I believe in stories more than advice. In other words, I believe that a light is shined on our way forward, not when we finally hear the exact, right piece of advice, but when someone shares their story with us.
True stories contain all of the messy, untranslateable details of a life. Somehow, they also point us toward the maker of life.
I wish I could tell you how to live without the kind of community I described earlier this week. I wish I could tell you how to get it back. I even wish I could tell you that developing that kind of community in your own setting is the most important use of your time. But I can’t tell you these things.
If this whole Jesus-following-way-of-life is truly a relationship (as I’ve been hearing all my life) then we need to stop comparing our circumstances with everyone else’s. My marriage to Jonathan is fifteen-years-old (or fifteen-years-good), and it makes no sense for me to look at those still-awkward newlyweds and wonder why our lives are so different. Other than the fruits of the spirit, I’m not sure there are many things we can point to in order to say “that is a good Christian life” and “that is not.” At times Jesus walks us through joy and other times he walks us through trouble, but we can be confident in both that he has not and will not abandon us.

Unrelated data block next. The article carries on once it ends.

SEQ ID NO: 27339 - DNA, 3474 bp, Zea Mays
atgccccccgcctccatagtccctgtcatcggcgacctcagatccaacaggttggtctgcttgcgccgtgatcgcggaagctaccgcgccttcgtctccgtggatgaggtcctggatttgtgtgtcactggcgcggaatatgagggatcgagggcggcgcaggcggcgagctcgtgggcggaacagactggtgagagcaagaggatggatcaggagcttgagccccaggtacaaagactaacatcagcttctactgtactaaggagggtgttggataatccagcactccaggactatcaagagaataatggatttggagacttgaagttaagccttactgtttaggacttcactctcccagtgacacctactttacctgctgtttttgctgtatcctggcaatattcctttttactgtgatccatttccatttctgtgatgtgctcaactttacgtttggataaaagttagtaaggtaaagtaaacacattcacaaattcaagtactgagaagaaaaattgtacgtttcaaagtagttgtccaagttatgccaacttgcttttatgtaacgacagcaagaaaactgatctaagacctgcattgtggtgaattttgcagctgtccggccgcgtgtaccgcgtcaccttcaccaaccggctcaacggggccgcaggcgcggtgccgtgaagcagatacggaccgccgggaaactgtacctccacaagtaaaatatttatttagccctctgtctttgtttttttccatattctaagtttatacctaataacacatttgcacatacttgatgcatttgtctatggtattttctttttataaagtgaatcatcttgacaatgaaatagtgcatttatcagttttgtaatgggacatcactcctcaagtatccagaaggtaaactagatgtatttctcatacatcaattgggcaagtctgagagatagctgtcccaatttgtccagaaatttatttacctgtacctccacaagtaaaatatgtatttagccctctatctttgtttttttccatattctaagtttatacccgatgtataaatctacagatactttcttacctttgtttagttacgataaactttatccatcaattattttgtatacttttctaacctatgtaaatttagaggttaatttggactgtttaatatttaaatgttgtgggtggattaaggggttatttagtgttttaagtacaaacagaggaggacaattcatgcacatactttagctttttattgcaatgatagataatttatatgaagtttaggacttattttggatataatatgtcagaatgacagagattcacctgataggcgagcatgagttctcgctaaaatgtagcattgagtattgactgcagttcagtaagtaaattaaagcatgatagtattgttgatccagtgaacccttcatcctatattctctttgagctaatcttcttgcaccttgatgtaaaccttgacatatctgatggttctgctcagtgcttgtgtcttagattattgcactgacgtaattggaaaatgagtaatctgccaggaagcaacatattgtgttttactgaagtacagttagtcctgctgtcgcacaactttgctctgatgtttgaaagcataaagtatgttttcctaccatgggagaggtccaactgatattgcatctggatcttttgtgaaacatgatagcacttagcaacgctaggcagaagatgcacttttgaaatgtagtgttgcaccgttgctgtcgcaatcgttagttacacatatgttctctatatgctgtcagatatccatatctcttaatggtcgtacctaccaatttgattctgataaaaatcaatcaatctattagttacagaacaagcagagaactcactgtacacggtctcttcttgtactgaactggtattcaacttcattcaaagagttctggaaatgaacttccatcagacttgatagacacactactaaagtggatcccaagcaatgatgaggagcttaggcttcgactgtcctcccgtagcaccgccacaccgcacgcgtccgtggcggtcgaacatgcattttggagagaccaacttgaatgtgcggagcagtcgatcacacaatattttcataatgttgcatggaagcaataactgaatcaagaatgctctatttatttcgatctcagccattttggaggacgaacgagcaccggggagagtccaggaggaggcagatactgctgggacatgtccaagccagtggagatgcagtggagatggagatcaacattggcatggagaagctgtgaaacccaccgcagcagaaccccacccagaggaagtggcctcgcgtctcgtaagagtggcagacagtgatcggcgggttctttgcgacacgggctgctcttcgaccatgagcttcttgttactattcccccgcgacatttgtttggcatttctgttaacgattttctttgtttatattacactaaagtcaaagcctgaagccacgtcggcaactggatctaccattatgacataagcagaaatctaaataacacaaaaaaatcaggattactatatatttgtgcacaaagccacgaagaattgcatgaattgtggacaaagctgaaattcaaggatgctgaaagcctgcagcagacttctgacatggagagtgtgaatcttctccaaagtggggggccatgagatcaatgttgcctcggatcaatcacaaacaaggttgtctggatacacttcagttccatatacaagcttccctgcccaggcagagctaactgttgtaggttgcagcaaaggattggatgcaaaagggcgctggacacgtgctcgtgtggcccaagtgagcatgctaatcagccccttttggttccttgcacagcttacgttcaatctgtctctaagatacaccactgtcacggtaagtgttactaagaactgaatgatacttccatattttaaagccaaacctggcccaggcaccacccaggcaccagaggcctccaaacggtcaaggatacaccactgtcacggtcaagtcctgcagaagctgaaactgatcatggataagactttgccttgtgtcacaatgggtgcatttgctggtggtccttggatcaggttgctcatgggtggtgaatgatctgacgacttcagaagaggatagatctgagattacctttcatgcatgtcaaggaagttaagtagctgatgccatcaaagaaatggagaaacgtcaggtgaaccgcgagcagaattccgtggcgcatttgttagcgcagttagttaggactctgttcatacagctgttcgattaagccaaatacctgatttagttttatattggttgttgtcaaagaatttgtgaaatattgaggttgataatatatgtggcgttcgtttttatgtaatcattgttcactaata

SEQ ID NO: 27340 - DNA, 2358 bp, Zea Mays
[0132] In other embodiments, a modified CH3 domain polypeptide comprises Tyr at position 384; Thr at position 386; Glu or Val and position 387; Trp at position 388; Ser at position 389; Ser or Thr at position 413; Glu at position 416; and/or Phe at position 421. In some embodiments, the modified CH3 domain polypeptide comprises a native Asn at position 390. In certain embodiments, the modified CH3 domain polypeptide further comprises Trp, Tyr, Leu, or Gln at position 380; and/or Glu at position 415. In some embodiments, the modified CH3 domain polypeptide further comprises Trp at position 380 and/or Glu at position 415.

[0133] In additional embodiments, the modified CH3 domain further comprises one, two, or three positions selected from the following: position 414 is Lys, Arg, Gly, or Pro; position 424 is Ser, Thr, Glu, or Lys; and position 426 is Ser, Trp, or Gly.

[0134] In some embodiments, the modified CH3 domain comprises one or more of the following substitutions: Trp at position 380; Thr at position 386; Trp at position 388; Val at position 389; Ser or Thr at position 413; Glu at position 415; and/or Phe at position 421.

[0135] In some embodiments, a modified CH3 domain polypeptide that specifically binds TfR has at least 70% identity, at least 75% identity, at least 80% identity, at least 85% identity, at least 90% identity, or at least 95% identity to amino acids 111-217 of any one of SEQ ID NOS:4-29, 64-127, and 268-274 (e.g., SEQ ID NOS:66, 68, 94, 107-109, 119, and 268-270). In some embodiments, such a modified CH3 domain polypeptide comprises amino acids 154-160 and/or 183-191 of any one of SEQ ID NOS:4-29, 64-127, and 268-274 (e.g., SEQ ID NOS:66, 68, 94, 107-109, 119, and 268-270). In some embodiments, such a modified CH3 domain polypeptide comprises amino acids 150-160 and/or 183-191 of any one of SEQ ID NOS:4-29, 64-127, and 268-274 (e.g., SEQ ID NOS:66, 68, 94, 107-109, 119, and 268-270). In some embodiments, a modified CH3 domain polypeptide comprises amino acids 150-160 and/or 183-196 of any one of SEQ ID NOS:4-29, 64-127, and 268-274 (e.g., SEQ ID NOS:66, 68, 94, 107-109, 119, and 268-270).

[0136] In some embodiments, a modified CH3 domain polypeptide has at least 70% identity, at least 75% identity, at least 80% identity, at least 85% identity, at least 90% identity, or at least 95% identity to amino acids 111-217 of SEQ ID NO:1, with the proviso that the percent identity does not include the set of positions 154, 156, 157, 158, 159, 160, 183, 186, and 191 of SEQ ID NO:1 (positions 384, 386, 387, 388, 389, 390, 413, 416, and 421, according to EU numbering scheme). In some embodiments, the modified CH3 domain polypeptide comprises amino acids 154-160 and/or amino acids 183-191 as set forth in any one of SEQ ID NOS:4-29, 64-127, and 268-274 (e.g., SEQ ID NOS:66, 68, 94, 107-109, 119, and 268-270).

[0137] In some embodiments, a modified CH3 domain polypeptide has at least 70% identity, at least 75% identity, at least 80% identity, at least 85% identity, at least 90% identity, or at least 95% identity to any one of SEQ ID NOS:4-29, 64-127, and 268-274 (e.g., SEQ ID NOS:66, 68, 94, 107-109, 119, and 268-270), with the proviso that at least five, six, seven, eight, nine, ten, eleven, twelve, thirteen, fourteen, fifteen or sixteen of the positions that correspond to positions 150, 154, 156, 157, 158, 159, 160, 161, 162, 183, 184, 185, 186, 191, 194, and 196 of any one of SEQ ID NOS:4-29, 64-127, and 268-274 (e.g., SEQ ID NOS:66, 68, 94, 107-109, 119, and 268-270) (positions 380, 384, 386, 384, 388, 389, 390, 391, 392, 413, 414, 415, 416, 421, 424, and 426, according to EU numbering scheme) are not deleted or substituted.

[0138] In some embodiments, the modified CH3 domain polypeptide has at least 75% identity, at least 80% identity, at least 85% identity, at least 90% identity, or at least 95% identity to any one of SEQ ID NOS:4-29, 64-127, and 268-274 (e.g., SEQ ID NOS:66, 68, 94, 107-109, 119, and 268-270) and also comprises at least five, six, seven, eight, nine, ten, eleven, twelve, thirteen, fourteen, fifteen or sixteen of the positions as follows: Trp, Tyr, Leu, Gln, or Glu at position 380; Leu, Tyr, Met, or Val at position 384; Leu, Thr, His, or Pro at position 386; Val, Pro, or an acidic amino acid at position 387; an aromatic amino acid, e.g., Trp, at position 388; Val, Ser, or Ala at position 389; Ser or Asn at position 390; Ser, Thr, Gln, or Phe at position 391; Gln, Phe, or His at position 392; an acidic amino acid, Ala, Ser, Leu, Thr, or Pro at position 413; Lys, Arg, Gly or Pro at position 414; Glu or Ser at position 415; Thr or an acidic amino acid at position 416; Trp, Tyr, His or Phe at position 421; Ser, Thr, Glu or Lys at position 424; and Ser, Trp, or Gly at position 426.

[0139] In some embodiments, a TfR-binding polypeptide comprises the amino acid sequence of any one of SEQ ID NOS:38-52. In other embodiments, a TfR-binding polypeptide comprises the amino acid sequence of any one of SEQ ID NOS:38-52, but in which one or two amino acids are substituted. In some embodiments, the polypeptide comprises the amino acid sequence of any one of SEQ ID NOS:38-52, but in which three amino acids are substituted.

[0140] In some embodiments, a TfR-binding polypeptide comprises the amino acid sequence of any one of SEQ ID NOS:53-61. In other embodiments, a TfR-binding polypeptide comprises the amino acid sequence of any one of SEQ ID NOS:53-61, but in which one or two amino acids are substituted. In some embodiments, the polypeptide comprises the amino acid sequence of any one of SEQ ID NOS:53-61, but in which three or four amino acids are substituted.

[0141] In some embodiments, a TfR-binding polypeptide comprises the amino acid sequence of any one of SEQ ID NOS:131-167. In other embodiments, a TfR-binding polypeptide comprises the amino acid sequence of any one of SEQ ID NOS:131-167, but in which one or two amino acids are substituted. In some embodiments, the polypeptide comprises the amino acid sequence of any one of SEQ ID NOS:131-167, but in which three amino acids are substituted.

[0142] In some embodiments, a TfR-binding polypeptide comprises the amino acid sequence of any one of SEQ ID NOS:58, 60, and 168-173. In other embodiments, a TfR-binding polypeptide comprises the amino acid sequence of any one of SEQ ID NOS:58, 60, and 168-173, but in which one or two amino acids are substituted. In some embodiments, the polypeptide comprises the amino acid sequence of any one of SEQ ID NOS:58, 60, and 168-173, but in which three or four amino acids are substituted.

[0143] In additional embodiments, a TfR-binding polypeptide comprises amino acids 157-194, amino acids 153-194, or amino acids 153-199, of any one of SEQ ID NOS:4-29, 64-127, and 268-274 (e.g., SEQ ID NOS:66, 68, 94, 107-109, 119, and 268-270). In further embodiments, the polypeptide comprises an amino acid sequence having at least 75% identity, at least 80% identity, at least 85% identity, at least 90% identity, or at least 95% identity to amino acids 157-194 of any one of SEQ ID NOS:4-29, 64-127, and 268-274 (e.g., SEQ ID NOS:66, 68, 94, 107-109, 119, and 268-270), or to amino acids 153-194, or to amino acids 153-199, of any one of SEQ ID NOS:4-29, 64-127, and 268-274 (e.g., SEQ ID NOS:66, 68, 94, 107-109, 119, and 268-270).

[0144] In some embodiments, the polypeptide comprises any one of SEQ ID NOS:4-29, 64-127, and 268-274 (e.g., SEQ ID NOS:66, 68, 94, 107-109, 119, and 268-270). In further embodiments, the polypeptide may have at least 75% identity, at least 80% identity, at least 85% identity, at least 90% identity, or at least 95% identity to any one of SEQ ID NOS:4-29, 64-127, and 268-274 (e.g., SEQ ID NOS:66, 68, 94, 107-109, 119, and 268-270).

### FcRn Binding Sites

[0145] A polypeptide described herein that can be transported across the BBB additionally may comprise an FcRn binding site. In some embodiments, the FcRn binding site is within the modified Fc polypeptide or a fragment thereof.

I lived in community for ten years, and it was good and it was painful, and I hope I haven’t said goodbye to that way of life forever. I could beat my head against my Bible wondering why my life no longer looks like that and how to get it back, or I can accept that when God empties our lives he also fills them up again. Not with the things we are missing, necessarily, but with himself.
In this world, we are wanderers. And that is not always a bad thing, not always a sin thing. We can wander quite a distance pursuing the good things of God’s kingdom on earth. Still, there’s little rest in wandering, and God knows we need rest. But where to find it?
God’s people “wandered over mountain and hill and forgot their own resting place” (Jeremiah 50:6).
Sometimes we need silence and emptiness, loneliness and barrenness in order to remember. We need winter.
The four walls of my suburban existence can feel like a prison, but they have been just the thing for feeling the heavy, holy pressure of God’s hand on me.
“You hem me in – behind and before; you have laid your hand upon me. Such knowledge is too wonderful for me, too lofty for me to attain.”
Psalm 139: 5-6